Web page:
AVB works over ethernet networks, but as Kevin Gross explains on the LinkedIn AVB board – only networks with compliant equipment in the network – and by extension (which was my mistake of hope over reality) never outside of an internet.
Looks good until I get to this bit, “AVB can be integrated into any existing Ethernet network through the installation of AVB certified devices.”
All network equipment between AVB endpoints must support the new 802.1 AVB standards. “Existing Ethernet networks” generally do not meet these requirements. Deploying AVB involves deploying new network equipment as well as new or upgraded endpoints.
What does this mean to a cinema exhibitor who might want to create clever “between rooms” games or other interesting alternative content that relies upon audio and video signals getting passed around in a timely manner?
Later in the board thread it also becomes clear that while the audio portion is working well with many manufacturers, some video AVB ideas are waiting for technology jumps.
In this conversation from the thread, Cindy Davis is the editor at TechDecisions Media while the others are experts in this field (we’re working on getting permissions to post these comments – don’t read them until all permissions are granted):
Warren J. Osse CTS-D, DMC-E • Interesting article. The video part of this equation is more complicated. You have mentioned “channels” of audio and video; the bandwidth for a single HD video signal would be difficult for most networks at present. Due to video bandwidth requirements, audio seems to be the focus at present. Networks will need to speed up for the video aspect to function well. The adoption of this transportation mechanism does require very current Ethernet switches; note that AVB is Layer 2 at present. It works well at what is is designed to do. AVnu is doing a great job of maintaining compatibility and helping this fledgling technology move in to the mainstream.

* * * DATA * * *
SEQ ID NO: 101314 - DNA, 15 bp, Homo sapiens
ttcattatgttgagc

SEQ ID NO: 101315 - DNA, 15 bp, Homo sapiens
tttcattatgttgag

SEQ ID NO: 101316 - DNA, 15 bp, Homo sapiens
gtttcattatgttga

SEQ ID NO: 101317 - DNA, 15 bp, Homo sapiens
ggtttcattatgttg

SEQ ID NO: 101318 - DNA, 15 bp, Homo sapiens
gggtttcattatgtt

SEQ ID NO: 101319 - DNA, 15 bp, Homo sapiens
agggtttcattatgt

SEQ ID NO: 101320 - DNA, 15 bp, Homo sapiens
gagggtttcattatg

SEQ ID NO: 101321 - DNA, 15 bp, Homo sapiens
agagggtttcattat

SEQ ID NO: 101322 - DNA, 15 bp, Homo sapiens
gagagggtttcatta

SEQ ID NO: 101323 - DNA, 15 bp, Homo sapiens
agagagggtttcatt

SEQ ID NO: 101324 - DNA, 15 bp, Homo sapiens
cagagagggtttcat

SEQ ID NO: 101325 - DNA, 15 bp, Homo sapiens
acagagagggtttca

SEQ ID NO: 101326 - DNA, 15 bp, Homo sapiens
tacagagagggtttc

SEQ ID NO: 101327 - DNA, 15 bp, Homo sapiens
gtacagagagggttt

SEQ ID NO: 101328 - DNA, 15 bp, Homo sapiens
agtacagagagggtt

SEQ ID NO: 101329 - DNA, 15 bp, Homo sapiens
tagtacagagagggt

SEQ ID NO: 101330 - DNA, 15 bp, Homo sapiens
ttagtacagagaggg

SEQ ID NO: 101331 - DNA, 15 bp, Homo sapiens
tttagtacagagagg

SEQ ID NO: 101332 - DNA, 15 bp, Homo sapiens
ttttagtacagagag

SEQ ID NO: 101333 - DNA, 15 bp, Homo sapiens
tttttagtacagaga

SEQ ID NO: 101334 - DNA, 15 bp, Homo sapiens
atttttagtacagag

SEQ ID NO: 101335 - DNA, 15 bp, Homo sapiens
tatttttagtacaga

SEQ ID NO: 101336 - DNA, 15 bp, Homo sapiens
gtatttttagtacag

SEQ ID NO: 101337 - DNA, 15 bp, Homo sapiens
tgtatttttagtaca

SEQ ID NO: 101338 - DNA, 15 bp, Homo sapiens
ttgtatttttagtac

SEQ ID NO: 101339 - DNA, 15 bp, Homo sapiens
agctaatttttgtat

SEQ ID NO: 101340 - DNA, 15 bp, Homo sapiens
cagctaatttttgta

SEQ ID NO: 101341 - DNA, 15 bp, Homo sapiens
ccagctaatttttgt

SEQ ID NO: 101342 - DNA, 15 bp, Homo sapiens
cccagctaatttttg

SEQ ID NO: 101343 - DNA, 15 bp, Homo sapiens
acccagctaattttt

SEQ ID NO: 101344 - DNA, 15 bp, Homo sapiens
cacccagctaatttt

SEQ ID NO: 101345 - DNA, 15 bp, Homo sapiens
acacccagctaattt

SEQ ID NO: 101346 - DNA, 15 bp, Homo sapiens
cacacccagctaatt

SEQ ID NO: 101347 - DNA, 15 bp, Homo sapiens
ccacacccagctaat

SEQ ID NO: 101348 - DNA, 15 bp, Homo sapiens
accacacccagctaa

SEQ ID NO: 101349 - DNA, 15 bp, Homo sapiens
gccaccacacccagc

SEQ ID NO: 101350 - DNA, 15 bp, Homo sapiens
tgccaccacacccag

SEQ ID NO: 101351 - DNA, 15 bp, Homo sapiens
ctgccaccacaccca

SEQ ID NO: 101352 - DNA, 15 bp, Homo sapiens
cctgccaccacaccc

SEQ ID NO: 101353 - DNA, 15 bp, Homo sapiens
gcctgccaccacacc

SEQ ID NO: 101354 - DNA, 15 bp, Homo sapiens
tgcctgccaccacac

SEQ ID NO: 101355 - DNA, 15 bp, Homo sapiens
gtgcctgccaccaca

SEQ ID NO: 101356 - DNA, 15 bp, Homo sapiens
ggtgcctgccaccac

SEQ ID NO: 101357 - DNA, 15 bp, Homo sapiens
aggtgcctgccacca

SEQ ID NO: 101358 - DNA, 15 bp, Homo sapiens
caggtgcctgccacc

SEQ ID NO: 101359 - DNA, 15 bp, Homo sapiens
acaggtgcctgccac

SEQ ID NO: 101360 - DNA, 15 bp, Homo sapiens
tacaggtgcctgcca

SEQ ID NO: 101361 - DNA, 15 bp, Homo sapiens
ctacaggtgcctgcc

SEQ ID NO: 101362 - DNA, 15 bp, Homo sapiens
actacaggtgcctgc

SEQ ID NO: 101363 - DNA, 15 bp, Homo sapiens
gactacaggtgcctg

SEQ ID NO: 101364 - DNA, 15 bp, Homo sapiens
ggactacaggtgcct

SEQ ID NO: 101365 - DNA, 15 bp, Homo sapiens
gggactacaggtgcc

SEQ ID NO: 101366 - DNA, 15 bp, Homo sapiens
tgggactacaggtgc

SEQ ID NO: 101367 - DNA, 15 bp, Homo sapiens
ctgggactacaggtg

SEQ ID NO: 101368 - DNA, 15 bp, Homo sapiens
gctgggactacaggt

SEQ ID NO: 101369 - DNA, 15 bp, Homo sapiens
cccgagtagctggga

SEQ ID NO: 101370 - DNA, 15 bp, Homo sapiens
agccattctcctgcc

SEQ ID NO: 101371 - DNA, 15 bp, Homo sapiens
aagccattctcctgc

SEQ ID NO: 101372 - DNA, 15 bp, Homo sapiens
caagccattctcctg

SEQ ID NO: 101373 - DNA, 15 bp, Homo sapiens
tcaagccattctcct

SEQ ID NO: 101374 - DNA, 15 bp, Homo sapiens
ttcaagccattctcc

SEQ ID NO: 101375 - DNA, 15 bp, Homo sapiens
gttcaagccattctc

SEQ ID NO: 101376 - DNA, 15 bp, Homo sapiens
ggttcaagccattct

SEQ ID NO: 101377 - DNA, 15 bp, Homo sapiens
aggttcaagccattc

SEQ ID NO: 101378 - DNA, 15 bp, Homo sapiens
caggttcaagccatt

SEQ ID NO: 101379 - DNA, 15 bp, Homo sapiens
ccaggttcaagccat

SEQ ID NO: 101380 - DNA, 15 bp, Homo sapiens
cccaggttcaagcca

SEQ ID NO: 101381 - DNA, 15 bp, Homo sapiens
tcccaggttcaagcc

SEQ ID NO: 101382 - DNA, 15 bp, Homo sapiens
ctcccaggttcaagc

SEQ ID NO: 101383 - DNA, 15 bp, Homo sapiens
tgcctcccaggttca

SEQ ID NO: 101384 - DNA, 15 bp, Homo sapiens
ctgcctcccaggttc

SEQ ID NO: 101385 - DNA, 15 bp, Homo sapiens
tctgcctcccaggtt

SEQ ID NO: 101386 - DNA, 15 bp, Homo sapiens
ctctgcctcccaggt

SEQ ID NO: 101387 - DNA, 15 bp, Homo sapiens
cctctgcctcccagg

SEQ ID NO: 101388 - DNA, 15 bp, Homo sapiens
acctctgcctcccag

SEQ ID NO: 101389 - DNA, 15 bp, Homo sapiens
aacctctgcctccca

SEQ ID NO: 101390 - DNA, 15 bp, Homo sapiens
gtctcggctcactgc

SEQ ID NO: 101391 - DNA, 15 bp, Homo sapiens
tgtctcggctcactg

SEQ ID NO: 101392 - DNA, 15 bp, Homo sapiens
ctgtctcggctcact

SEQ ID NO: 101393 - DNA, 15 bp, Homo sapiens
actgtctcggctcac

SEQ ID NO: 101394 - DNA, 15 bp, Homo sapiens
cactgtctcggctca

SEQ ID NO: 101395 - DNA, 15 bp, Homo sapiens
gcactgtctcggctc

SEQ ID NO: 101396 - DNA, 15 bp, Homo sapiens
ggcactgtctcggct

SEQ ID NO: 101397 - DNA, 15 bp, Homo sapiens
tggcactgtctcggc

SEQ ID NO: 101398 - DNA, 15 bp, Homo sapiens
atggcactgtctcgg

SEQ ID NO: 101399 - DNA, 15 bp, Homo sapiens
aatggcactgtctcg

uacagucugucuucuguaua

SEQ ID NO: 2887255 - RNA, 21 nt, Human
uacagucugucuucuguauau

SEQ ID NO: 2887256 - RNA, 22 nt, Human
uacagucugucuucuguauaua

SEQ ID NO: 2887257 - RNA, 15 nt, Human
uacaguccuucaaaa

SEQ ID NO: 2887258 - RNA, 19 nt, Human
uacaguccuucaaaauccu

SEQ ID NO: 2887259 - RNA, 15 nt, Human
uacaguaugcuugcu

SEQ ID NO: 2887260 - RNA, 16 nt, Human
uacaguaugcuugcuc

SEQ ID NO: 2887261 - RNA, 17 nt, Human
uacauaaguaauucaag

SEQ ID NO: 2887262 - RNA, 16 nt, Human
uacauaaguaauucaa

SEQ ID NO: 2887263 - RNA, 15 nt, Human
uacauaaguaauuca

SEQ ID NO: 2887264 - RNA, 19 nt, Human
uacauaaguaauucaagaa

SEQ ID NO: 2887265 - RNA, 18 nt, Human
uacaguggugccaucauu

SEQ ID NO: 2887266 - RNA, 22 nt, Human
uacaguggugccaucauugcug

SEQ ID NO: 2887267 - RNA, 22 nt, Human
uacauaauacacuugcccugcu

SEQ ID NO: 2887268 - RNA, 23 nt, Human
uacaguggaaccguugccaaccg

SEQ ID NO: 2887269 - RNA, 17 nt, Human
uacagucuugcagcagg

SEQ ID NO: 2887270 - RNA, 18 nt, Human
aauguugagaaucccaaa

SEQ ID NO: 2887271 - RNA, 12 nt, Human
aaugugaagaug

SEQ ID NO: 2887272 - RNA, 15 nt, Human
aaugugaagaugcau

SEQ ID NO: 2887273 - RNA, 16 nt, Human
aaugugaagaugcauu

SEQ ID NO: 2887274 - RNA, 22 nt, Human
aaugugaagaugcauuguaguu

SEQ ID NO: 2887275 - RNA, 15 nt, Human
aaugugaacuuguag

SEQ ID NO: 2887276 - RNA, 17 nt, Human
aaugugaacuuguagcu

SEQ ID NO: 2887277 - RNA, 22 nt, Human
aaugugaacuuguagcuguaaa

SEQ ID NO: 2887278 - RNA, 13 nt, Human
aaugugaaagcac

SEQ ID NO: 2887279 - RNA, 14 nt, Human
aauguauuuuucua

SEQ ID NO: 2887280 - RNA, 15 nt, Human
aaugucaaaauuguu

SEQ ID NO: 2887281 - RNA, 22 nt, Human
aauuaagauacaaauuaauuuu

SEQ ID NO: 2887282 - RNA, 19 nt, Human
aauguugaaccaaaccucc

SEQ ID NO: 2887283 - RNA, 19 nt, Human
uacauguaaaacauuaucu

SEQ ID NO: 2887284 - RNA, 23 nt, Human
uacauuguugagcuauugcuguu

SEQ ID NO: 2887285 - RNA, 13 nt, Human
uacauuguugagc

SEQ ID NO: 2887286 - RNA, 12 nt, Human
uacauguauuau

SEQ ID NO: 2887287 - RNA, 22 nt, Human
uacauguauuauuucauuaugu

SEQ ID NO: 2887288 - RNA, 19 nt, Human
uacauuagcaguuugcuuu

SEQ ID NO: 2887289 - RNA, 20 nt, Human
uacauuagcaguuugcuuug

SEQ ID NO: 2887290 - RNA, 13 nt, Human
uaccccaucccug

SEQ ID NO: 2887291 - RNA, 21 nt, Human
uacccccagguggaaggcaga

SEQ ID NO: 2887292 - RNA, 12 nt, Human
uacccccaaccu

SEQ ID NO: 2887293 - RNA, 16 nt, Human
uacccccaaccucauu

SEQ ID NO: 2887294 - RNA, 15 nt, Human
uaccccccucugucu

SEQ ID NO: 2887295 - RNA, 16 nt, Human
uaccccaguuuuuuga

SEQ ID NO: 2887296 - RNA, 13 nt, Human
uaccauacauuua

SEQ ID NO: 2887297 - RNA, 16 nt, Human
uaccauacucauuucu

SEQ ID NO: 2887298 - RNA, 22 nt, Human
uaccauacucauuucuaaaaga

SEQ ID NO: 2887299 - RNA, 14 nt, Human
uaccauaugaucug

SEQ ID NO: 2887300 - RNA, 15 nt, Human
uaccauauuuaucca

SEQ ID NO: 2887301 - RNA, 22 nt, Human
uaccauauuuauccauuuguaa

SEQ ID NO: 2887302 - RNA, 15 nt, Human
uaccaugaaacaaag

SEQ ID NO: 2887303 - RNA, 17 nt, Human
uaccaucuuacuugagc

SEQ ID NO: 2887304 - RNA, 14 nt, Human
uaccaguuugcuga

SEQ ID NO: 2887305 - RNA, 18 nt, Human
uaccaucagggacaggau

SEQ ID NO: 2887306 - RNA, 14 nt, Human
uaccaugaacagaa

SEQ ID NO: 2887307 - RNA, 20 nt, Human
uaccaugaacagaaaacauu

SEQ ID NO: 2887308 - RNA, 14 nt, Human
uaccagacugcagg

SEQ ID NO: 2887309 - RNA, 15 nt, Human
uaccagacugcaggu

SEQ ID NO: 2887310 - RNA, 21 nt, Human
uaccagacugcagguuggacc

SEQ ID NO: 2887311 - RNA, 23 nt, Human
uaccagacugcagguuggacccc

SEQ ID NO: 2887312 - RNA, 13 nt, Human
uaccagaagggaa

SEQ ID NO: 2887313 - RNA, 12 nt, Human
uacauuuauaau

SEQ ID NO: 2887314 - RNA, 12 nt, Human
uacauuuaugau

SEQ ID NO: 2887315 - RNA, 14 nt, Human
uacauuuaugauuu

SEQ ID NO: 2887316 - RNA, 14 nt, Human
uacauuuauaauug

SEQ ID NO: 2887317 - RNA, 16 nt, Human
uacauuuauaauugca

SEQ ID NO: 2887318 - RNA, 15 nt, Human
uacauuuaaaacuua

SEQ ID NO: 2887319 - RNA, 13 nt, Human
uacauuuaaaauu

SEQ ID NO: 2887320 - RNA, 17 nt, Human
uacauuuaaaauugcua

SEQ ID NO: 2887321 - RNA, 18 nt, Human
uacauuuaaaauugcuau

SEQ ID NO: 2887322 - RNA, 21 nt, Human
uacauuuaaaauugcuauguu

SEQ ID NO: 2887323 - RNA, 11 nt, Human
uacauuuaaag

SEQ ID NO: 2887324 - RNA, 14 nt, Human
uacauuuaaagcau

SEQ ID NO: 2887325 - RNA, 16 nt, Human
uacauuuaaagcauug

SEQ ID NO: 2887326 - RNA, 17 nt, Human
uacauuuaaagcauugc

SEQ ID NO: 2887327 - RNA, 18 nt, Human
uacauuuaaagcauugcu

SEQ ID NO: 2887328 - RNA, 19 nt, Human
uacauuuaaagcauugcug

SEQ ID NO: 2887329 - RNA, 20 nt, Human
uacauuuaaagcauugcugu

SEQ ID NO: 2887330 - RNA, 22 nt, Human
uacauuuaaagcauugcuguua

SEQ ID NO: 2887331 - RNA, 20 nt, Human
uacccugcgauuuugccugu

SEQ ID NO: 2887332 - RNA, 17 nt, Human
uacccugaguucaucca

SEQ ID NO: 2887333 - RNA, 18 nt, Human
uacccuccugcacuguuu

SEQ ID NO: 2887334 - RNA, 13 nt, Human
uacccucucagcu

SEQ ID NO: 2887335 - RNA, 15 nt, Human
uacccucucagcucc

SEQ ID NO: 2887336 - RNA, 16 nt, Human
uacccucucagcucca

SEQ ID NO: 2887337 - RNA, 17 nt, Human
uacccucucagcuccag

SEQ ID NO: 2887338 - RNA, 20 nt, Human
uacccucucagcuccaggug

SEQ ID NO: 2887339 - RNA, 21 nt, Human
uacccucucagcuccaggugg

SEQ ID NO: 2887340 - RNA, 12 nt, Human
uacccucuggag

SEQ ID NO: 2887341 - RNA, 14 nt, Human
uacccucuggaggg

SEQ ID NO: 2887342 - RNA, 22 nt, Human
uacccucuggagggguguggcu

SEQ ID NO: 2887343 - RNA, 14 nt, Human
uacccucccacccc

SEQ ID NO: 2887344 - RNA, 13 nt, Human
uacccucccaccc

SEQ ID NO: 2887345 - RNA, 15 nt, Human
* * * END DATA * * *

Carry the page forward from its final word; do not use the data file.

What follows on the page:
Cindy Davis • Thanks Warren, We are going to do a follow up article on, “Preparing Your Network for AVB.” Would you be available for an interview on this? We will be looking for a few people to interview for this. thank for your feedback. Cindy
Thomas Mullins • I have to agree with Warren, and this is further hampered by the lack of support from the video manufacturers; the vast majority of supporters are pro audio companies. On a 1G switch, with 25% reserved for normal network demands, that leaves 750M of space left for audio and video. Barely enough for two HD video signals with embedded audio. Even if you take advantage of H.264 compression, the channel count is limited. I haven’t found many of the streaming companies (such as VBrick) who are interested in AVB. They see no need.
Kevin Gross • HD video can be anywhere from 3 Gb to 3 Mb or less. It just depends on how much compression you want to do. The bandwidth problem is actively being worked from both ends – improved compression and increased network capabilities. If there is still a problem, it won’t remain unsolved for much longer. Networked video is already in widespread use in IPTV, Netflix streaming, DVR sharing, security camera systems etc. We haven’t seen these applications adopt AVB. What do they gain by doing so?
Bill Murphy • Hello Cindy, Thank you for your article and editorial interest Cindy. Your mix of products for AVB includes I believe some which are shipping and some near shipping. My company, Extreme Networks, makes a wide range of AVB ready switches up to 40 GB that will require a software bump to support AVB. We were the core switch for the AVnu booth demo and are well known to the AVB endpoint vendors. We also provided demo kit on several booths. If you look at the Audinate video from the show you will see our switch talked about there as well. We discussed the issues the network faces in supporting AVB at the show as a regular daily presentation on the AVnu booth.